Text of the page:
Diplomatic Warfare? 

    ….Waltz, now the president of Metis Solutions, brings to the table a powerful juxtaposition of perspectives on the Afghan war. As a Department of Defense civilian official, he served variously as an Interagency Counter narcotics Coordinator in the Office of the Secretary of Defense (OSD) developing strategies to combat opium trafficking in Pashtun regions, as the Pentagon’s Afghanistan Country Director, as the Special Adviser to Vice President Dick Cheney on South Asia and Counterterrorism and finally, as an adviser on negotiations with the Taliban to the deputy assistant secretary of defense in the Obama administration.

    This is “making policy at 50,000 feet”, briefing and advising senior administration officials on national policy formulation and implementation. No contrast could be more dramatic with Waltz’s alternate role as a Green Beret company commander living among Pashtun tribal villagers, drinking tea with tribal elders, working with village police chiefs, engaging in brutal firefights with Haqqani network insurgents, disarming IEDs and delivering medical care to remote Afghan districts. Like few other officers, Waltz could see the life or death impact of policy he had helped craft on his own soldiers, Afghan farmers, and the Taliban enemy; but at other times, the blindness of policy or its complete irrelevance to the often ugly ground truth of counterinsurgency warfare.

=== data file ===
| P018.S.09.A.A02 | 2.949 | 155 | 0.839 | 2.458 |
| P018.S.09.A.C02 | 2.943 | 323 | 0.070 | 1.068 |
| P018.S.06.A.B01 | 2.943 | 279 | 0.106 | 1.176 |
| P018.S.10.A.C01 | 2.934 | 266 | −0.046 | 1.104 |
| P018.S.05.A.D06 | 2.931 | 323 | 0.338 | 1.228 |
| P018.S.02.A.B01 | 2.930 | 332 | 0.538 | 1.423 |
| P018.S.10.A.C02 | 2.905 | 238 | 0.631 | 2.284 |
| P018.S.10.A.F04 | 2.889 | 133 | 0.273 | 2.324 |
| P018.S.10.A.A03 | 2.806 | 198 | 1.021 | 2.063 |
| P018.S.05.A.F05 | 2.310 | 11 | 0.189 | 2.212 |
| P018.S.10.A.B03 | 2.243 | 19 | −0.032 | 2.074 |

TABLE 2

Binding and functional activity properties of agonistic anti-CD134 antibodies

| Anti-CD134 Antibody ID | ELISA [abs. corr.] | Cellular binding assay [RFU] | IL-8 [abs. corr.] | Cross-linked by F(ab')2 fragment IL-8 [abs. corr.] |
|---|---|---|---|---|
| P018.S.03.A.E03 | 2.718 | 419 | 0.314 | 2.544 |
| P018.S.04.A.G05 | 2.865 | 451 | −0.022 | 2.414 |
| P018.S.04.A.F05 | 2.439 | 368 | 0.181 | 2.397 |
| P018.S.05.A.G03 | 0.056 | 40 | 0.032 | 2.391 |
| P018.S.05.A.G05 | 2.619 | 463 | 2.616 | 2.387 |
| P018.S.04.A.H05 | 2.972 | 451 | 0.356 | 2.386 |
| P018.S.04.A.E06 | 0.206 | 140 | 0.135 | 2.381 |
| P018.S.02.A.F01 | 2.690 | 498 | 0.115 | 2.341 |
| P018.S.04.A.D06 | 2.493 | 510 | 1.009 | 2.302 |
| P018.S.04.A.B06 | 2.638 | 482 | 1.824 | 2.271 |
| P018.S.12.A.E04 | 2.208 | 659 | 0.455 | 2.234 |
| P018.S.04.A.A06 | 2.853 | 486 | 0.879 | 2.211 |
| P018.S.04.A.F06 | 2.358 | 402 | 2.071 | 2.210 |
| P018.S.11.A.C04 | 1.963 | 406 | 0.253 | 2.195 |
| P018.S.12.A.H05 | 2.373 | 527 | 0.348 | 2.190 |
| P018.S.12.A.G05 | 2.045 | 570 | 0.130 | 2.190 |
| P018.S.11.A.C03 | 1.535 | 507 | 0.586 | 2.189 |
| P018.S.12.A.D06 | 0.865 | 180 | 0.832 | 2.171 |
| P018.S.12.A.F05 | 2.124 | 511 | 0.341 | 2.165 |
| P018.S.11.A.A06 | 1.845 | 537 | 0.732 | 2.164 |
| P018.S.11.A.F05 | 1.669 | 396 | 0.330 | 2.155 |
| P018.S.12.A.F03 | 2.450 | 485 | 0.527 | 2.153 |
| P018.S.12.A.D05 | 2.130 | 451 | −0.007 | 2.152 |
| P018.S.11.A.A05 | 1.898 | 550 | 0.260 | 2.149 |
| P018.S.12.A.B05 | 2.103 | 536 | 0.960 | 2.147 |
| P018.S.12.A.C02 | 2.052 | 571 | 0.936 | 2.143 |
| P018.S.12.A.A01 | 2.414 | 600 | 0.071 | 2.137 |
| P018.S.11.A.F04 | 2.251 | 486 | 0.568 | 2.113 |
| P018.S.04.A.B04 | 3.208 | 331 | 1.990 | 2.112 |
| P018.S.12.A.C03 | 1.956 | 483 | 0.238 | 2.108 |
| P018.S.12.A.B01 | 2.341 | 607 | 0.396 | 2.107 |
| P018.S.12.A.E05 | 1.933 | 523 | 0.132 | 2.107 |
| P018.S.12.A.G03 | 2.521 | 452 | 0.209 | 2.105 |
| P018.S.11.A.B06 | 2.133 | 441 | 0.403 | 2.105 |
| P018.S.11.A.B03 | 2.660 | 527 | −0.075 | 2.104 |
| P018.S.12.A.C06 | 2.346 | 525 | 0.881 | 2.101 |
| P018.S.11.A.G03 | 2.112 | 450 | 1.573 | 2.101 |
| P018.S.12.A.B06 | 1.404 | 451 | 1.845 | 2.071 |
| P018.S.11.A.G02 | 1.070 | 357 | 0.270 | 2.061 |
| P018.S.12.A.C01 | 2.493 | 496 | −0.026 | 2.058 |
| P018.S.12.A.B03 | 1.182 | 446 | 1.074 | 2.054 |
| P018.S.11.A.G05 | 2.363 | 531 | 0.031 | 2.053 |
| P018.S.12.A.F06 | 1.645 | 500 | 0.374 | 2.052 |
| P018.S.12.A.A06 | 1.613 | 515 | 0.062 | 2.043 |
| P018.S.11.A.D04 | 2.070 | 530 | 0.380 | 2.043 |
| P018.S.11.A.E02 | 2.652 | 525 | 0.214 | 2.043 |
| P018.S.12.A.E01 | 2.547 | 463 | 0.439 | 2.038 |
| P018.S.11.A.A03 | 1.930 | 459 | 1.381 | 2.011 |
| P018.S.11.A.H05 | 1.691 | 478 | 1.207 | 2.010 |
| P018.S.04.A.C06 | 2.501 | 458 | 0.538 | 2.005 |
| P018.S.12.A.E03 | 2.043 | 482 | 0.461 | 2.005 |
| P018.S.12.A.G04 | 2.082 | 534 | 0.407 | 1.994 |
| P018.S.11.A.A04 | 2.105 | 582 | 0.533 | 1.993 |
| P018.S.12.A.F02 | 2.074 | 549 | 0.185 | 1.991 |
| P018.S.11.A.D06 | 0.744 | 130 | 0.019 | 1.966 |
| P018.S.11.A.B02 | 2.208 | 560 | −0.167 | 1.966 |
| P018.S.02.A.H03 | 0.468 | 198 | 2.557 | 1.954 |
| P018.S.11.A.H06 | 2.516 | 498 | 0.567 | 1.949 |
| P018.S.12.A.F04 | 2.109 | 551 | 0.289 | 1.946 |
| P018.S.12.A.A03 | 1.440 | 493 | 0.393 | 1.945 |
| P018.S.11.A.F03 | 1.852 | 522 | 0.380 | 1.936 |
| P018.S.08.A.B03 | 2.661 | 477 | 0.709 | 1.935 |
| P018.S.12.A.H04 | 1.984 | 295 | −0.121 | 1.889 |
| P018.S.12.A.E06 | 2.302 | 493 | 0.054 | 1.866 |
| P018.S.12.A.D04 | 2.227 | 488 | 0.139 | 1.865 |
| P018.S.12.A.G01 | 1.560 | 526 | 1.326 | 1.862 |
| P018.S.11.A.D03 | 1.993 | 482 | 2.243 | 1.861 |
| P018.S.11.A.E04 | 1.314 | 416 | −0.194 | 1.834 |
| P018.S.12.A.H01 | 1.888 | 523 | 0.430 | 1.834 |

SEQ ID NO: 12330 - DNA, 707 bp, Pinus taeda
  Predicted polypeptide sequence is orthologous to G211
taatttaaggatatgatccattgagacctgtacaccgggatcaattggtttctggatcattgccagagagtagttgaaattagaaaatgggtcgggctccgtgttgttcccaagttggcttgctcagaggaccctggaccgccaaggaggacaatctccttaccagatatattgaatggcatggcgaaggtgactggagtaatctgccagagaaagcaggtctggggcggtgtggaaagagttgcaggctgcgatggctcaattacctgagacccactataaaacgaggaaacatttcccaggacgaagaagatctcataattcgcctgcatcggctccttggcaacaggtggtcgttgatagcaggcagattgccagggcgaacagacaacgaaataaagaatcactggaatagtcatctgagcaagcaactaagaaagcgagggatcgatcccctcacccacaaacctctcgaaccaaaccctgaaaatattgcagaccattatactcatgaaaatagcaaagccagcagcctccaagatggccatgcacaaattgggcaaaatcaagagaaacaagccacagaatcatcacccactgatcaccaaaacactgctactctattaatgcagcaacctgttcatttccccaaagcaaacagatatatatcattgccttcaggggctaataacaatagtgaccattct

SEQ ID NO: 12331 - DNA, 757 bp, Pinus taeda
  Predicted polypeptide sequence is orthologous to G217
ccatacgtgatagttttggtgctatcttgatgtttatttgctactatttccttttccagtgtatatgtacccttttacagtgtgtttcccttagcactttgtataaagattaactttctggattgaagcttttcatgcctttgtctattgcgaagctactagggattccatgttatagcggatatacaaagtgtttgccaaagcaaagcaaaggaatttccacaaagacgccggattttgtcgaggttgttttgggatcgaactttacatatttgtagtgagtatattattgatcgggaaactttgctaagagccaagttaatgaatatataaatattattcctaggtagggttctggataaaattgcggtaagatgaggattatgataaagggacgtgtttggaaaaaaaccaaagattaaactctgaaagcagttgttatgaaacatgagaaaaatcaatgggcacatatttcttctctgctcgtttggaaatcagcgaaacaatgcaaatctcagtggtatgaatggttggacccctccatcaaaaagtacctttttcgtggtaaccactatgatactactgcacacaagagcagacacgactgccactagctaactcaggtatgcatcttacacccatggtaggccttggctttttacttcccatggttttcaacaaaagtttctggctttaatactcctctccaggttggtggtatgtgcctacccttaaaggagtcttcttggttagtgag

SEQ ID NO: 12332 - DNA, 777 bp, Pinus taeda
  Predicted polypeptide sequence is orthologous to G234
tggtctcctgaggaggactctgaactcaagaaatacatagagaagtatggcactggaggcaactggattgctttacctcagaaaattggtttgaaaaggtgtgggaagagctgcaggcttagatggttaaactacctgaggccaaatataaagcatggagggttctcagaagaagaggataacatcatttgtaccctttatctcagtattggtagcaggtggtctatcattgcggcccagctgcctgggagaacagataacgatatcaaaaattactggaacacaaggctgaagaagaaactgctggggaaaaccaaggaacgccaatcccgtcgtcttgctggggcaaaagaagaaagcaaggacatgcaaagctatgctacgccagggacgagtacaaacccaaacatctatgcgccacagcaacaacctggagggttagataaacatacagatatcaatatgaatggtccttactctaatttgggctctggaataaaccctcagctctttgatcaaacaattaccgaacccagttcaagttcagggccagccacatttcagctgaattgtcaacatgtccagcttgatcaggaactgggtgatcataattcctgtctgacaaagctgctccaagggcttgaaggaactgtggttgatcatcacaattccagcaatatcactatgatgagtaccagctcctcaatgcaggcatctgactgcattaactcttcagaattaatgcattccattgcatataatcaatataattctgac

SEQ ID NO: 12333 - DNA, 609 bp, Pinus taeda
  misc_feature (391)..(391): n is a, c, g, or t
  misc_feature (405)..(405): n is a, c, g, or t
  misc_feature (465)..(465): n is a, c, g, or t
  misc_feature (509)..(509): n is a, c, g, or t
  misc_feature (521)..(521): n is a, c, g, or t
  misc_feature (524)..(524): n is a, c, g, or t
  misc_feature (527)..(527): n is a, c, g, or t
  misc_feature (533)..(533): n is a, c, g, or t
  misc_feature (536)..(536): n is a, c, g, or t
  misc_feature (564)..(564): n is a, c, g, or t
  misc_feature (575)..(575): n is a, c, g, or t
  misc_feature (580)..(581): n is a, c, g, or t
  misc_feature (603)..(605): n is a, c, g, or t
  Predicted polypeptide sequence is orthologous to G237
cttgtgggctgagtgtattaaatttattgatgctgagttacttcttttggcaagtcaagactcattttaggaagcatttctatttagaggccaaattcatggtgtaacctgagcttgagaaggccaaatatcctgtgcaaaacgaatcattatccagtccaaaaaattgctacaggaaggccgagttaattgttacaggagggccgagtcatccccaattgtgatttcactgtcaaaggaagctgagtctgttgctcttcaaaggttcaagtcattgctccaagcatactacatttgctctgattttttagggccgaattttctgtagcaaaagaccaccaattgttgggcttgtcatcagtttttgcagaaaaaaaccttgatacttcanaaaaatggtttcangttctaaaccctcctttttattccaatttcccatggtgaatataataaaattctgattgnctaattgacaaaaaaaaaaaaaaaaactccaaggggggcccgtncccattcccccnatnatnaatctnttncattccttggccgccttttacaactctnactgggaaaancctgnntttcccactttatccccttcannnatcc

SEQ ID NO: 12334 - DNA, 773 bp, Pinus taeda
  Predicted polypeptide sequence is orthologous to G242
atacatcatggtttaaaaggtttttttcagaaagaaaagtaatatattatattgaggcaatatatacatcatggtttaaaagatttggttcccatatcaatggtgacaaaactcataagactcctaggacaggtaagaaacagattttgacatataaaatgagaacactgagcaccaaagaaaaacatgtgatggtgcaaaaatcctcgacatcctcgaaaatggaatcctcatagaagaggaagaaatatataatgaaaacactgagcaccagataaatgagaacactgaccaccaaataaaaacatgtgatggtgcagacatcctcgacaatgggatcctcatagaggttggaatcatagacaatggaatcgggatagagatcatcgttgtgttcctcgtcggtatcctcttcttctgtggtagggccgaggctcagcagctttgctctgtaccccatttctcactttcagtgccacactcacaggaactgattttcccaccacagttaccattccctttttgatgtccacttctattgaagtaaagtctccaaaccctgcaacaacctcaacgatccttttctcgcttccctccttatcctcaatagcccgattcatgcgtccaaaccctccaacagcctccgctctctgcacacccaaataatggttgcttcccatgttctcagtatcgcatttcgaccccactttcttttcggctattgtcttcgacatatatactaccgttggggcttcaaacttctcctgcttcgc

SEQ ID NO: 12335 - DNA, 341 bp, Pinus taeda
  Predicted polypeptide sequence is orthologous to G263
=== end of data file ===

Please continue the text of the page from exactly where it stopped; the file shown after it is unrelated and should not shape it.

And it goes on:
Though the story of Waltz’s gritty experience in combat looms large in Warrior Diplomat, he also lays out a hard analysis regarding the self-created problems that impaired the American war in Afghanistan, including a paucity of resources, the incapacity of NATO partners, a muddled strategy, bureaucratic and political risk aversion and micromanagement of military operations down to the smallest units, a stubborn refusal to confront Pakistan over Taliban sanctuaries and announcing an early withdrawal date from Afghanistan. There is an additional subtext to Waltz’s story; the transformation of the legendary Green Beret Special Forces, intended to work autonomously in small groups training and fighting with indigenous forces, to ‘conventionalised’ units of ‘door-kickers’ who spend enormous amounts of time on powerpoint slides, making fruitless requests for helicopters or artillery support and fighting the timidity and capriciousness of Waltz’s own chain of command.

    Read the rest here.

    Some of you may have read American Spartan or my earlier review of that book. The stories of Michael Waltz and Jim Gant are not the same but the setting, their operational environment, largely was. Some of the frankly preposterous, Catch-22 restrictions with which Waltz struggled mightily to comply while effectively circumventing may illuminate some of the unspoken reasons why Jim Gant took a different path.

    I cannot say it was the objective of the US Army and ISAF to prevent effective COIN operations in Afghanistan in writing their regulations and ROE, but it might as well have been